competitive for that seat. >> well, i don't really think india or brazil or anyone is going to be on the security council for a long time as a permanent... one of the permanent five joining britain, france, the united states and china. but this was a symbolic jess dhaur the indians very much hungered for because it acknowledged their pivotal role in the world today. so what's basically been happening between the united states and india, charlie i going back first with president clinton who really broke the spell of the cold war u.s./india relationship which was one in which india really was neutral in the world stage but more or less rather closely aligned with russia. we were allied with pakistan. president clinton broke that. president bush then with the civil nuclear deal, the nuclear power deal with india kind of laid the basis of a new relationship. and what president obama is doing now is building on that. and we do have a lot in common. we have lots of indian-americans
that we've educated in this country who have become americans. we have lots of economic ties. the need to both of us wanting to balance china a little bit pulls us together geostrategically. so i think one way or another india and america are doomed to be friends and i think this is the beginning of a new relationship. but it's going to build slowly. remember, you know, india has a deep, deep non-align tradition. it has a socialist political elite that is still very powerful. it has a gandhi pacifist strain that bumps up against some of the elements of american foreign policy. so i don't think we're going to rush into each other's arms but i think this is going to be a slow-building relationship between the world's two biggest multiethnic democracies. we have a lot in common. >> rose: how does the united states get india to look at pakistan with a better perspective? >> well, you're right, charlie.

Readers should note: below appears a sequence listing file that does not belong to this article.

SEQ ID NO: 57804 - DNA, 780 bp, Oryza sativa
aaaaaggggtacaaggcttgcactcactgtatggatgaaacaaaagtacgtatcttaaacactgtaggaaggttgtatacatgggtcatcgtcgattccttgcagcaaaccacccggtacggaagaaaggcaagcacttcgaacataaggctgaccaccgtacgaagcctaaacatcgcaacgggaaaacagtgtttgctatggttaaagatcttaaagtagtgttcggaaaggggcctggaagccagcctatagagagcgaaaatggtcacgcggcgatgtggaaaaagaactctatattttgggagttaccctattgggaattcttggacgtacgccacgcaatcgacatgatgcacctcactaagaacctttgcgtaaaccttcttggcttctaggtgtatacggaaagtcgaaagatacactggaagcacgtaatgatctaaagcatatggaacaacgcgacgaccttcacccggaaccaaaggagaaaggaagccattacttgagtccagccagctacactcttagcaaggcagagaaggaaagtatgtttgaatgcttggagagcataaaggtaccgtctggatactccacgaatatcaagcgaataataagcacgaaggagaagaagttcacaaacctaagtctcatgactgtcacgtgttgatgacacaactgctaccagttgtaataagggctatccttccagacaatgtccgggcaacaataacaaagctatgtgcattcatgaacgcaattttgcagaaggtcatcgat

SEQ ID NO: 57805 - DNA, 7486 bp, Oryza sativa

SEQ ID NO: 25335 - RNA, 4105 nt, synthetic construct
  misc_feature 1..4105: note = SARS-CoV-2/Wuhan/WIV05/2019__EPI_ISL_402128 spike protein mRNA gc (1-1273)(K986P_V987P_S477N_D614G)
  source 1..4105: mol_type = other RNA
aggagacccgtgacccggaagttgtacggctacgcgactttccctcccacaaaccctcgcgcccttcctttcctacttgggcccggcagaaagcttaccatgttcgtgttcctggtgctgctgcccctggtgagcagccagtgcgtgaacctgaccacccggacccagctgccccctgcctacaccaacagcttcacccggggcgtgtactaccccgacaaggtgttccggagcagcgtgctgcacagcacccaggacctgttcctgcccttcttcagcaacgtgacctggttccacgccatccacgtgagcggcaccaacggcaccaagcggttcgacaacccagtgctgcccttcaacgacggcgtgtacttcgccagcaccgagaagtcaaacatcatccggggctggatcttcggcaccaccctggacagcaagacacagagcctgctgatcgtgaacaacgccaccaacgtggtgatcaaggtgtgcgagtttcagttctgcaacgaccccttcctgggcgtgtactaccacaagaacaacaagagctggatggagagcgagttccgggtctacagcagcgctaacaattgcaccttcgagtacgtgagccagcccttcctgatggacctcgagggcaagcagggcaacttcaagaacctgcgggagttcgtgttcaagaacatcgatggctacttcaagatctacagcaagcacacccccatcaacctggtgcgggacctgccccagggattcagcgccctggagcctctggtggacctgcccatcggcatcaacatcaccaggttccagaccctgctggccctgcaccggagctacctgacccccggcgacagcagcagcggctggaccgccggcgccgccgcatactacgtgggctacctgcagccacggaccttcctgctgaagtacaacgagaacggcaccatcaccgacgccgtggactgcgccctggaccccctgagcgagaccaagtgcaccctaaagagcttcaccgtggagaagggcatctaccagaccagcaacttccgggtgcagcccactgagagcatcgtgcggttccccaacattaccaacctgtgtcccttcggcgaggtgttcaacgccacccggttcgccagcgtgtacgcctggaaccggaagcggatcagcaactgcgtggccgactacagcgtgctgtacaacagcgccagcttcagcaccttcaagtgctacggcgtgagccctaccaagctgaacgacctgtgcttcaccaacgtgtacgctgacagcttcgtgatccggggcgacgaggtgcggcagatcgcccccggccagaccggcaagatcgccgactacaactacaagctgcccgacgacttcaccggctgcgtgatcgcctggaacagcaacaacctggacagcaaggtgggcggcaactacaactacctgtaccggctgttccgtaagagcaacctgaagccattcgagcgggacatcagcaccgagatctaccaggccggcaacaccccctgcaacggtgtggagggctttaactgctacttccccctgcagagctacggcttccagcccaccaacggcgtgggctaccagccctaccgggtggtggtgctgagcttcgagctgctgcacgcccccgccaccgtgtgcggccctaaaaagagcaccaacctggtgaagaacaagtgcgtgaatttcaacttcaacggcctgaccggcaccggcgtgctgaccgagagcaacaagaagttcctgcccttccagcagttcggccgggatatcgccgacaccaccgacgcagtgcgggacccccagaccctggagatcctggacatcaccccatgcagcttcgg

i mean you talk to any indian official and it always reminds me of talking to israelis 20 years ago and yasser arafat and the p.l.o. when they're talking about pakistan, these indian officials. so it's a deep neural jim relationship. it's centered in the dispute over kashmir and jammu and unfortunately india views that as entirely an internal issue and therefore has never invit or allowed the kind of external mediation we've done in the arab-israeli conflict. so what we've been nudging india to do-- and president obama did that on this trip-- is to try to be... make a more forward-leaning stand in resolving... finding some kind of resolution on kashmir with pakistan in the hopes of relieving some of the pakistani anxiety so pakistan won't look at afghanistan as somehow its strategic depth in the next war with india. because, you know, it's something that it's very, very
harm to feel american foreign policy right now or debilitating, the fact that pakistan is so obsessed with india that it looks at afghanistan as this kind of necessary rear guard that it's got to protect and control, therefore it supports the taliban, therefore x, y, and z. >> rose: how is the president perceived there and in china? >> i think... you know i was in china just a month before so i've had the chance to visit china and india over the last 60 days. in india he's very, very popular: i think first as a person of color and the idea that this guy was able to become... emerge as the president of the united states. i think because he has a much more multilateral approach to the world which is much more in sync with the rhythms of indian foreign policy and their approach to the world. so i think in india he's a